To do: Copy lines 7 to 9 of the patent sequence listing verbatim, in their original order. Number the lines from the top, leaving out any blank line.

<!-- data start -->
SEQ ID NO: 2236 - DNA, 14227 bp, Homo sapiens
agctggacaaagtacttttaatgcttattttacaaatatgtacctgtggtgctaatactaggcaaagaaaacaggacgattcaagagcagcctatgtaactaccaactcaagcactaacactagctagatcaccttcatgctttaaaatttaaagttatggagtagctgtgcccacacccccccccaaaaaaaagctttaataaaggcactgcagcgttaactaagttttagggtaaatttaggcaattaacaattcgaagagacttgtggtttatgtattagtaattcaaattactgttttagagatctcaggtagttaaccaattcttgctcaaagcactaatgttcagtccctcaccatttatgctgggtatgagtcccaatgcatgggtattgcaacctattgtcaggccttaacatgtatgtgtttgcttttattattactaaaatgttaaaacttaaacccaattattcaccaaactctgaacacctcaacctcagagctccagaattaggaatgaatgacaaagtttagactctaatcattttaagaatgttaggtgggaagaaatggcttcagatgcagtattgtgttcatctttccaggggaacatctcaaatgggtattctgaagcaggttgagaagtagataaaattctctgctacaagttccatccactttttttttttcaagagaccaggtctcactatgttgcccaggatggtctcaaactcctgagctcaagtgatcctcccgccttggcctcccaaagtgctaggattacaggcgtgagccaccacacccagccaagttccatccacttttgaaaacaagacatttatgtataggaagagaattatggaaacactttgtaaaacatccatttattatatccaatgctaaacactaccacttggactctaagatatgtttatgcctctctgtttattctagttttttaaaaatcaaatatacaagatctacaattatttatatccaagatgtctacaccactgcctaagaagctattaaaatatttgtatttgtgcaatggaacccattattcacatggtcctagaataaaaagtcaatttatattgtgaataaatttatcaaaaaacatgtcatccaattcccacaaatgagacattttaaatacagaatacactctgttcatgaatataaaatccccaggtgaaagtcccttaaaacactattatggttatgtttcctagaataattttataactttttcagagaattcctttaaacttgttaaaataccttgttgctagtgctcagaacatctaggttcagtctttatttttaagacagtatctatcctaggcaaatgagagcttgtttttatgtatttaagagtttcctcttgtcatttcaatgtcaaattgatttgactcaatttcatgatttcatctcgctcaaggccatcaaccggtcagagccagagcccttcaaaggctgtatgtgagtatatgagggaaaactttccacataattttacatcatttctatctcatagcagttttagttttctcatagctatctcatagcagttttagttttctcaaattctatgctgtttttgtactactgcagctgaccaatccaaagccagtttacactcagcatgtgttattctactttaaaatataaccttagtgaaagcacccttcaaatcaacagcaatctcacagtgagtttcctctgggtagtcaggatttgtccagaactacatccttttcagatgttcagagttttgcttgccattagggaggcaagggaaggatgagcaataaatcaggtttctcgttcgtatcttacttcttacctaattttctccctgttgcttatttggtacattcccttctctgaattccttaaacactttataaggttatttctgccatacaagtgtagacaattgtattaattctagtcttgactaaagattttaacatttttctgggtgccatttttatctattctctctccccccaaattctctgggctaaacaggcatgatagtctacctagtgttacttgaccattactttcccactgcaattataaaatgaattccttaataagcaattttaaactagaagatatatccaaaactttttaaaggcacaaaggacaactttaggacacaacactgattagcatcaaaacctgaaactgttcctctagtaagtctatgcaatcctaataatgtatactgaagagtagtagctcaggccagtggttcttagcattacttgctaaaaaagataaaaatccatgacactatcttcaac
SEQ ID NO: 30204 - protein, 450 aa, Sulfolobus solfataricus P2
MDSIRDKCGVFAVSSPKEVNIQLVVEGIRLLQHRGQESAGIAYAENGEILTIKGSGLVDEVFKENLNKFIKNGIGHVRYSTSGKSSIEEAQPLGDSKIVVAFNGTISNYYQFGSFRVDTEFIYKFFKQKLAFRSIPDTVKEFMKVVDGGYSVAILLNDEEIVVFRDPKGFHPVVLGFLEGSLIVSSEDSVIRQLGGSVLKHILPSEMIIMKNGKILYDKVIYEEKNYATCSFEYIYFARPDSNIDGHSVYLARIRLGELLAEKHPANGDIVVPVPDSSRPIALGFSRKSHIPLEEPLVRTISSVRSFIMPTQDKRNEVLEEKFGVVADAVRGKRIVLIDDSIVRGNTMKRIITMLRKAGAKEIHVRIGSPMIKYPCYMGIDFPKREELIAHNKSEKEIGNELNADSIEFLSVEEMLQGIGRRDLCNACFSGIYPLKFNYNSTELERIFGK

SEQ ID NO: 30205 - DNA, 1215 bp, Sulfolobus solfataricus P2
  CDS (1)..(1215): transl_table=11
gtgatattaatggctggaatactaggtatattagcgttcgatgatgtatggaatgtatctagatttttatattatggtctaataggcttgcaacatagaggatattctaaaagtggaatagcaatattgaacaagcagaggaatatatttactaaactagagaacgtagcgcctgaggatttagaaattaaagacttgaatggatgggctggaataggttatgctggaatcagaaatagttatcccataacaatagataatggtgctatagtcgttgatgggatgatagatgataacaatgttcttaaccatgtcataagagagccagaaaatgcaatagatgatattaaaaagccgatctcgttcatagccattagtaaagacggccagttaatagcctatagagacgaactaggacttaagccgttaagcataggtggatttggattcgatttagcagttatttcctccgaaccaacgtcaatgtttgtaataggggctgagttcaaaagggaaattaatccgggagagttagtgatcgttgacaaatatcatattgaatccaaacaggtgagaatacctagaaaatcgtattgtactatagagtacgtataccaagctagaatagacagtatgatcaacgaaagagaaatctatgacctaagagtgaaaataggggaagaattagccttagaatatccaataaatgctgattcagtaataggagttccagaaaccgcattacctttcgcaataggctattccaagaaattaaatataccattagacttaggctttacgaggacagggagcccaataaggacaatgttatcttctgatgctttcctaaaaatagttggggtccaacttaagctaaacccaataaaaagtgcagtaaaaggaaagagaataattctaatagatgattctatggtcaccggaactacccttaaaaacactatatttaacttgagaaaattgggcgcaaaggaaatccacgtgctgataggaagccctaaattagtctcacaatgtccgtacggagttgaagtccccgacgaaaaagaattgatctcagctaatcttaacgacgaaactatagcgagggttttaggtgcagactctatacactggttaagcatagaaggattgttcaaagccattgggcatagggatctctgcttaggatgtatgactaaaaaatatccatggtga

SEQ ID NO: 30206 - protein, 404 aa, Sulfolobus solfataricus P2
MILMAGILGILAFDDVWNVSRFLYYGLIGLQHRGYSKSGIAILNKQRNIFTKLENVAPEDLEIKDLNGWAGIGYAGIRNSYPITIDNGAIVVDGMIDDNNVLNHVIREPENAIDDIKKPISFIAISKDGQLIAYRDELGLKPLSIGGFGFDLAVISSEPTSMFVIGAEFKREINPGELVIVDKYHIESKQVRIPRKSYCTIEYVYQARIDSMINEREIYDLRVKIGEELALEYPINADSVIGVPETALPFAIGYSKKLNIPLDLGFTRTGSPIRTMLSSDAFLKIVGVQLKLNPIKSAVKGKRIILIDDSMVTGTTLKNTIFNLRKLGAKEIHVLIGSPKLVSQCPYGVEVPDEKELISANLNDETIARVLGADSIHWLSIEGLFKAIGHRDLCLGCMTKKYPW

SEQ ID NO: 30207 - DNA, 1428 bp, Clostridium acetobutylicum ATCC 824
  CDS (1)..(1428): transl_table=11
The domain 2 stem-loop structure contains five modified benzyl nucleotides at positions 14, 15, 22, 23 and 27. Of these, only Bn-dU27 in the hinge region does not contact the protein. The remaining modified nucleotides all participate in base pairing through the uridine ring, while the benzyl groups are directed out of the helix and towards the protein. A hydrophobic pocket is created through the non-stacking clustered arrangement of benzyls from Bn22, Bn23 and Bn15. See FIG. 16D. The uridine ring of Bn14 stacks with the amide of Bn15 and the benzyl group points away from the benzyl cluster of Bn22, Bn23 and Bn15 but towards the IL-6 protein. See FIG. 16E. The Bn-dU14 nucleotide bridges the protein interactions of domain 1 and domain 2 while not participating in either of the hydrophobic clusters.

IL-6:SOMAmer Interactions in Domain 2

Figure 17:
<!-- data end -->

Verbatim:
gtgatattaatggctggaatactaggtatattagcgttcgatgatgtatggaatgtatctagatttttatattatggtctaataggcttgcaacatagaggatattctaaaagtggaatagcaatattgaacaagcagaggaatatatttactaaactagagaacgtagcgcctgaggatttagaaattaaagacttgaatggatgggctggaataggttatgctggaatcagaaatagttatcccataacaatagataatggtgctatagtcgttgatgggatgatagatgataacaatgttcttaaccatgtcataagagagccagaaaatgcaatagatgatattaaaaagccgatctcgttcatagccattagtaaagacggccagttaatagcctatagagacgaactaggacttaagccgttaagcataggtggatttggattcgatttagcagttatttcctccgaaccaacgtcaatgtttgtaataggggctgagttcaaaagggaaattaatccgggagagttagtgatcgttgacaaatatcatattgaatccaaacaggtgagaatacctagaaaatcgtattgtactatagagtacgtataccaagctagaatagacagtatgatcaacgaaagagaaatctatgacctaagagtgaaaataggggaagaattagccttagaatatccaataaatgctgattcagtaataggagttccagaaaccgcattacctttcgcaataggctattccaagaaattaaatataccattagacttaggctttacgaggacagggagcccaataaggacaatgttatcttctgatgctttcctaaaaatagttggggtccaacttaagctaaacccaataaaaagtgcagtaaaaggaaagagaataattctaatagatgattctatggtcaccggaactacccttaaaaacactatatttaacttgagaaaattgggcgcaaaggaaatccacgtgctgataggaagccctaaattagtctcacaatgtccgtacggagttgaagtccccgacgaaaaagaattgatctcagctaatcttaacgacgaaactatagcgagggttttaggtgcagactctatacactggttaagcatagaaggattgttcaaagccattgggcatagggatctctgcttaggatgtatgactaaaaaatatccatggtga

SEQ ID NO: 30206 - protein, 404 aa, Sulfolobus solfataricus P2
MILMAGILGILAFDDVWNVSRFLYYGLIGLQHRGYSKSGIAILNKQRNIFTKLENVAPEDLEIKDLNGWAGIGYAGIRNSYPITIDNGAIVVDGMIDDNNVLNHVIREPENAIDDIKKPISFIAISKDGQLIAYRDELGLKPLSIGGFGFDLAVISSEPTSMFVIGAEFKREINPGELVIVDKYHIESKQVRIPRKSYCTIEYVYQARIDSMINEREIYDLRVKIGEELALEYPINADSVIGVPETALPFAIGYSKKLNIPLDLGFTRTGSPIRTMLSSDAFLKIVGVQLKLNPIKSAVKGKRIILIDDSMVTGTTLKNTIFNLRKLGAKEIHVLIGSPKLVSQCPYGVEVPDEKELISANLNDETIARVLGADSIHWLSIEGLFKAIGHRDLCLGCMTKKYPW